One of the problems with moving back home is that you bump into your past all the time. It's never the people you'd like to see again. It's the ones you'd like to forget.
Last Wednesday, my BFF of twenty years, Plak, gave birth to her first daughter. I went to the hospital, and rocked my soon-to-be goddaughter in a rocking chair, while talking to Plak and her husband. Rain and thunder beat against the dark windows. All of us felt quite serene and amazed at the miracle of life.
Then Plak's mom, Miss Jen, came in.
"Anney, Mike Shaw is looking for you."
"He wants to apologize. He wants to take you out to coffee."
"Oh God." I rolled my eyes.
This guy, Mike Shaw (not his real name), is a nurse with Miss Jen at the hospital. Fifteen years ago, he and I were sophomores, flirting in the halls of our Catholic high school.
One weekend, we'd gotten together at his house while his parents were out. I'd sat on his bed, trying not to talk about my ex-boyfriend, who was also his best friend, and the whole reason I was there. Call it revenge. Call it a rebound. I just wanted to get the pains in my heart to stop.
But as we leaned in, drawing our faces closer together, I felt the air punch out of my stomach. You know how faces look different up close? That was Mike Shaw. From a kissing distance, he looked creepy, almost alien-like, with dripping desperate eyes and a tiny pointy chin. I pulled back. I couldn't do it.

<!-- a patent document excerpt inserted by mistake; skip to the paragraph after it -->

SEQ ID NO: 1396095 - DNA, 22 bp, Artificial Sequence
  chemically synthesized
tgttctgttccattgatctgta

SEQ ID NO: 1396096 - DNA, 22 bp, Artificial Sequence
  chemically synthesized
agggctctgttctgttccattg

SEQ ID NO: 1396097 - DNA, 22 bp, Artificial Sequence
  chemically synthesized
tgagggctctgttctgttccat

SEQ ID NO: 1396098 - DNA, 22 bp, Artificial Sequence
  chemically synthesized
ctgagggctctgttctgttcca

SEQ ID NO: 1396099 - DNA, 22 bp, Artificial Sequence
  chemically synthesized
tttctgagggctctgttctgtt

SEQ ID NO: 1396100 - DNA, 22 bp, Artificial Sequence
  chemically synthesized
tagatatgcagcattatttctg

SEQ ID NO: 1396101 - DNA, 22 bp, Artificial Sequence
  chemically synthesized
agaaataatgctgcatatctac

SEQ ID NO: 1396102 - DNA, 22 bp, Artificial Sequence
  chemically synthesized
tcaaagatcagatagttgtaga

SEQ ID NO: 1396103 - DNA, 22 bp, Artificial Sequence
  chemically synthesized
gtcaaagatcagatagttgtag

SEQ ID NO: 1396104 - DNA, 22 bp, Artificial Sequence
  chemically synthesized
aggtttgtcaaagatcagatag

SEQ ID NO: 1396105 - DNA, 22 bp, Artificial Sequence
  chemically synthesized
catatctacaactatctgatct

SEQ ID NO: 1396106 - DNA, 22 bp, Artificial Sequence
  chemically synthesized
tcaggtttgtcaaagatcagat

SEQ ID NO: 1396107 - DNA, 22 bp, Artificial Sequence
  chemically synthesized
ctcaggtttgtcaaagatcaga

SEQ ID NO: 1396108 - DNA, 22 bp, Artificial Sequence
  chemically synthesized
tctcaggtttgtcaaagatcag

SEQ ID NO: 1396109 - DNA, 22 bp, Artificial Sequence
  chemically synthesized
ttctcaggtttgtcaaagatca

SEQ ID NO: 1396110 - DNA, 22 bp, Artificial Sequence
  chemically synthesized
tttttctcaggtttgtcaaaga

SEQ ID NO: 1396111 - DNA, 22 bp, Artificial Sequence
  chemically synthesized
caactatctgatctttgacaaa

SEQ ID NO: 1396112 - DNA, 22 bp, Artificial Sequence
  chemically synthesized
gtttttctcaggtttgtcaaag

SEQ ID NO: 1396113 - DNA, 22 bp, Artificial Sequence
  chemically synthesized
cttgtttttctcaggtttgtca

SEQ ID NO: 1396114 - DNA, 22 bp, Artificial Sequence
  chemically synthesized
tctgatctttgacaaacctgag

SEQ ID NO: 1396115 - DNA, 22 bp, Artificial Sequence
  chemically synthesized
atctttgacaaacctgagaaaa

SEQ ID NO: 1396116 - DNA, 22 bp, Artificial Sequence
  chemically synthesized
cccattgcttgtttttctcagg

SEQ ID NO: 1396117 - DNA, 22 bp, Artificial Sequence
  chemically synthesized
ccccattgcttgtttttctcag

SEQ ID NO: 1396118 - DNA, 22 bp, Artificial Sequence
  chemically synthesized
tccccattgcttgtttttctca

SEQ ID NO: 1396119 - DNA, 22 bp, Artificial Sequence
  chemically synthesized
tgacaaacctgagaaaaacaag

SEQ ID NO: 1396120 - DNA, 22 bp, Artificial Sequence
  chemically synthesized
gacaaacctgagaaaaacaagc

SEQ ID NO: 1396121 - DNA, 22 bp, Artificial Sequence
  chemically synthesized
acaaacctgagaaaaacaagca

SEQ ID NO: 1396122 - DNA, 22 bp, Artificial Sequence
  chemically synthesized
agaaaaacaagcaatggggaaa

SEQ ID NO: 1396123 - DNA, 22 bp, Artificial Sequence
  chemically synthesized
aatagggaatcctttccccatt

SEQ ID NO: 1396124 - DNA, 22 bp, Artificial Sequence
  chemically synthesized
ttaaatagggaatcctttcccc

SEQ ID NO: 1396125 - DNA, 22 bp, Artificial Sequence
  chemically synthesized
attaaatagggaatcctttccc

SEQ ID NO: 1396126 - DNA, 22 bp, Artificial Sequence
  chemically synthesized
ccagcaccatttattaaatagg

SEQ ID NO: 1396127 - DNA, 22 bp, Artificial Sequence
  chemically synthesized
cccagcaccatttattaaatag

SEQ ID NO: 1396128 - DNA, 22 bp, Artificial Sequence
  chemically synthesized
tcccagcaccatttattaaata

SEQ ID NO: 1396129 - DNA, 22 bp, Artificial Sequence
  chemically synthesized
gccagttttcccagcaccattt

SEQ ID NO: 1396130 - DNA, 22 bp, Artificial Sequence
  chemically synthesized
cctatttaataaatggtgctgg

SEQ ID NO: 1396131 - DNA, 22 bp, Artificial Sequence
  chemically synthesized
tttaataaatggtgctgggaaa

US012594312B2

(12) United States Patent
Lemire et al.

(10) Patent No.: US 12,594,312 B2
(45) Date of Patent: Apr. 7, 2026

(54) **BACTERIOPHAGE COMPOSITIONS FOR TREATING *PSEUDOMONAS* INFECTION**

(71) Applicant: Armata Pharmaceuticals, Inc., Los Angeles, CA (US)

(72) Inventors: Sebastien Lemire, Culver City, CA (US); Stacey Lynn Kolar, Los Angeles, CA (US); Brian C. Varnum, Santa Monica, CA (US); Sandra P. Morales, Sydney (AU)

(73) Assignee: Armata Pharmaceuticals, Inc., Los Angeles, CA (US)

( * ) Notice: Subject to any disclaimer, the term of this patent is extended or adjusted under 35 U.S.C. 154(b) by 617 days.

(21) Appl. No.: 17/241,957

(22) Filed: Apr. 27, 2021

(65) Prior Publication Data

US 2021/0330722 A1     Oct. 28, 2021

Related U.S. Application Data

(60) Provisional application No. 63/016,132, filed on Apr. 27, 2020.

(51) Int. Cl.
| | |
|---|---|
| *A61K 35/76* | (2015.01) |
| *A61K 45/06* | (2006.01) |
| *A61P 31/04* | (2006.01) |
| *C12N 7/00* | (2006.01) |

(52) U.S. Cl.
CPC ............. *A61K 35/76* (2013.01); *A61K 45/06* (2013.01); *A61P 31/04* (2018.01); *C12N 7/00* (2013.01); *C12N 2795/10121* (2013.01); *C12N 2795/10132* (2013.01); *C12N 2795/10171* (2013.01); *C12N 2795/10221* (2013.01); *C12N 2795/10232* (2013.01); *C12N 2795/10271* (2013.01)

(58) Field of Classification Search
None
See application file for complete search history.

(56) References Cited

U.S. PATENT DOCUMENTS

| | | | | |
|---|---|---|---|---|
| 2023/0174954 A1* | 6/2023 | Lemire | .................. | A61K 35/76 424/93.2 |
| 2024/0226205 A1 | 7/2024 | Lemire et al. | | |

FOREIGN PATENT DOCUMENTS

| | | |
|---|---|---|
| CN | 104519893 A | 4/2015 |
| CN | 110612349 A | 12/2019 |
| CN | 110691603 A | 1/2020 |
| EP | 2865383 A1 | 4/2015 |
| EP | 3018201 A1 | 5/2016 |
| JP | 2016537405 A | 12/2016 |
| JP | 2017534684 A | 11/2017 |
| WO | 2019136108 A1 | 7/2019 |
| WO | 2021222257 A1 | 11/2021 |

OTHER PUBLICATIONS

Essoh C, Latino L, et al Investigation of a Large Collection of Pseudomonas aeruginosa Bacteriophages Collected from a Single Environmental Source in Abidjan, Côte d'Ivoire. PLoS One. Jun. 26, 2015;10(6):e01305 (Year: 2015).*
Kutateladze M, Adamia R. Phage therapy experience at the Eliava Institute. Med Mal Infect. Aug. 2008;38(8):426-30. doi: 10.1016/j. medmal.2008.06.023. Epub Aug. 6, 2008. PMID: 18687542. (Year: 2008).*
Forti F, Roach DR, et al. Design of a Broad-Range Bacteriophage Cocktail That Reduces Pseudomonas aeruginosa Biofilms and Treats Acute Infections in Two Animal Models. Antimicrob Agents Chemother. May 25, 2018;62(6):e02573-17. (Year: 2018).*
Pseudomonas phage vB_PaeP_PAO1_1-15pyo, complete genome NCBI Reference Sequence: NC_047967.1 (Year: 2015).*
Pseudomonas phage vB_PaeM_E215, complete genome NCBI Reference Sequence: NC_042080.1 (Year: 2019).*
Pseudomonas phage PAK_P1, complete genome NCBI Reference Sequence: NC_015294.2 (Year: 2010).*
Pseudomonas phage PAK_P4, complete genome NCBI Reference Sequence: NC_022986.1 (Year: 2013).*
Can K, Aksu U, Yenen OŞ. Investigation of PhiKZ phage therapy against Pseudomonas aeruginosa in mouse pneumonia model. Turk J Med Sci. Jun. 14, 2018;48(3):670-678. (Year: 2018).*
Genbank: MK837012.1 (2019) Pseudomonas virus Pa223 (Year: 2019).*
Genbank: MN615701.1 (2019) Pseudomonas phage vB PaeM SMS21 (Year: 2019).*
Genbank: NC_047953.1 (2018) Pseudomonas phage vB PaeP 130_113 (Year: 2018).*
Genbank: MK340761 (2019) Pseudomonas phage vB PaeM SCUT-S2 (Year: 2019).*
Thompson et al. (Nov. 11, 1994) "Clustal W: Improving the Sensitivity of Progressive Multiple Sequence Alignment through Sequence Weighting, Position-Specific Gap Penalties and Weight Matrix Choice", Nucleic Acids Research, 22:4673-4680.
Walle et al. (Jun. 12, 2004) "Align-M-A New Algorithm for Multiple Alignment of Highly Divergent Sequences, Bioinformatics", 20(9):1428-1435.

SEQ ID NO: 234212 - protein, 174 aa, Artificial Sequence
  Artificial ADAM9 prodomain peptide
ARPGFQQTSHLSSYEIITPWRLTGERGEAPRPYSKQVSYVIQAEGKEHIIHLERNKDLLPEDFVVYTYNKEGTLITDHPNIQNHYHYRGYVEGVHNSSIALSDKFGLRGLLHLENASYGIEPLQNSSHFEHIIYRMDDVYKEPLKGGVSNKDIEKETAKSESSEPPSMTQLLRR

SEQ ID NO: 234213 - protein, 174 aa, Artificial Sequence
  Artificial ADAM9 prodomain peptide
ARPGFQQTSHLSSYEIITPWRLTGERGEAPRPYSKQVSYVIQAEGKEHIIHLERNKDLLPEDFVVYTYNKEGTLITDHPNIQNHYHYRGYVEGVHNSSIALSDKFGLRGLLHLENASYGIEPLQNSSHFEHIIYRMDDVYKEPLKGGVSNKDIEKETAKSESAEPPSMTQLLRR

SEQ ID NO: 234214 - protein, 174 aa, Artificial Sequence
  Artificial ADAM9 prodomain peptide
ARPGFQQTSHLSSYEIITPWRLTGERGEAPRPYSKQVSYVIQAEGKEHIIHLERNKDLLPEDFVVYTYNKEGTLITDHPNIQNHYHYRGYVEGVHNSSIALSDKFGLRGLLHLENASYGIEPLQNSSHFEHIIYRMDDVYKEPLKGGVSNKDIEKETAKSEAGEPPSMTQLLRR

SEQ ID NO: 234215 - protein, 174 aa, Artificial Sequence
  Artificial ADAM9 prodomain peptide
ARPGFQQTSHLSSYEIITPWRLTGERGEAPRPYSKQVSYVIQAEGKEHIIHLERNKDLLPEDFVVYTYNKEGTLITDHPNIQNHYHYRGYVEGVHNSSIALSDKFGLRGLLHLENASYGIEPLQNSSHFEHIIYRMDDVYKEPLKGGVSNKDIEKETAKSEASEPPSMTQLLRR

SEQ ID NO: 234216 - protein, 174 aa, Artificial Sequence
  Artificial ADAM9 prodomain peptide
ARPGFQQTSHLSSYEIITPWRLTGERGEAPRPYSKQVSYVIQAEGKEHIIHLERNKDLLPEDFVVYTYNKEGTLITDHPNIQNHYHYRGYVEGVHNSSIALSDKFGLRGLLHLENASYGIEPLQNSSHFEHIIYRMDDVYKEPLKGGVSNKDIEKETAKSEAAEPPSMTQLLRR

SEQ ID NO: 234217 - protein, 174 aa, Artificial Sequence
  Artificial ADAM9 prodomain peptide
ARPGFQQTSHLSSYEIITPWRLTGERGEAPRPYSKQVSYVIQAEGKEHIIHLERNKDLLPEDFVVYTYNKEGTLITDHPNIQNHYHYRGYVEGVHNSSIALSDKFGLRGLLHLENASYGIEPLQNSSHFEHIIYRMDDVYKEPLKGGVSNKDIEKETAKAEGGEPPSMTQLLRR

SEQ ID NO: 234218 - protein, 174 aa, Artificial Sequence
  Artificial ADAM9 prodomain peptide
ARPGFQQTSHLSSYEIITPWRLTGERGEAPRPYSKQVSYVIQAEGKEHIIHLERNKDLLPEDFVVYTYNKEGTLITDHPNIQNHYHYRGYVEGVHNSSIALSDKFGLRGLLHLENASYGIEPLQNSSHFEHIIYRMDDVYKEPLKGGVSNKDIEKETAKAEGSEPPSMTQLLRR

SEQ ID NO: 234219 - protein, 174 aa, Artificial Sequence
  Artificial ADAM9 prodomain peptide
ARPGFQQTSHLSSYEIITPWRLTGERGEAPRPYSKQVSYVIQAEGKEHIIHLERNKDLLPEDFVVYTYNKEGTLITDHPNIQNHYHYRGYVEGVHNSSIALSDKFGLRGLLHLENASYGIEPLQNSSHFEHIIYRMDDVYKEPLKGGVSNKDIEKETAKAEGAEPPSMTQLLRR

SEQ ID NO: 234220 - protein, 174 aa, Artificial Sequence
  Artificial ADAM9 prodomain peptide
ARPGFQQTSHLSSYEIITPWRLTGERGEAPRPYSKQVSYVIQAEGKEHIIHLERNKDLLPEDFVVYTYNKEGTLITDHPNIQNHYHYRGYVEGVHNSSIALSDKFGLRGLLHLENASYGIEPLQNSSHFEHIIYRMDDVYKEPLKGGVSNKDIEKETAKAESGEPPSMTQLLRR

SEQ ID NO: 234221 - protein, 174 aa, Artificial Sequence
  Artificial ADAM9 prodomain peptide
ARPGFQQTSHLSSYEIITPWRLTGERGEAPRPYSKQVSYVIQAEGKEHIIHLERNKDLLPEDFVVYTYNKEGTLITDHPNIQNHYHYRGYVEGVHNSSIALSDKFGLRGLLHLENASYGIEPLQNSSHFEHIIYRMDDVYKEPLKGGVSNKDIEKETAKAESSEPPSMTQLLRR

He said it was okay.
Rejection is never okay to a fifteen year old boy. Next week in school, he told everyone that we'd almost hooked up-but that the sight of me sans clothing made him physically unable to take it "further." Not only did he lie about what happened, he also painted this portrait of me as an ugly naked girl, when I hadn't even taken my clothes off.
Now, fifteen years later, after the military, college, nursing school, Mike Shaw wants to apologize, officially.
Miss Jen said, "I think he's really changed. He's grown up."
I'm not so sure.
Supposedly, we grow up, get jobs, husbands, wives, kids, and we realize what's important. The old petty drama doesn't matter anymore. By asking me to coffee, Mike Shaw implies that it DOES still matter, that there IS a need for an apology. The slate is still dirty; the childish rumors and adolescent rejections stay with us. In that way, I see him as growing down.
Why would I take time out of my day, so he can get this off his chest, and feel better about the past? If consensus gives words their true definitions, then Mike wants the absolution that I'll never have. He goes down in high school history as a funny guy; I'm the ugly naked girl.
I'm not bitter. I just don't want to go to coffee and rehash all of that again.
So for the next two days, I came to visit my BFF and the baby, I moved through the hospital hallways, as stealth as a member of the A-Team. I took the stairs. Down the corridors, I crept, ducking behind nurse's stations and in doorways.
Not until I reached Plak's room, sat down in the rocking chair with my goddaughter, did I feel safe. I looked down into her big ponderous eyes and felt cradled by the clear, clean promise of the future.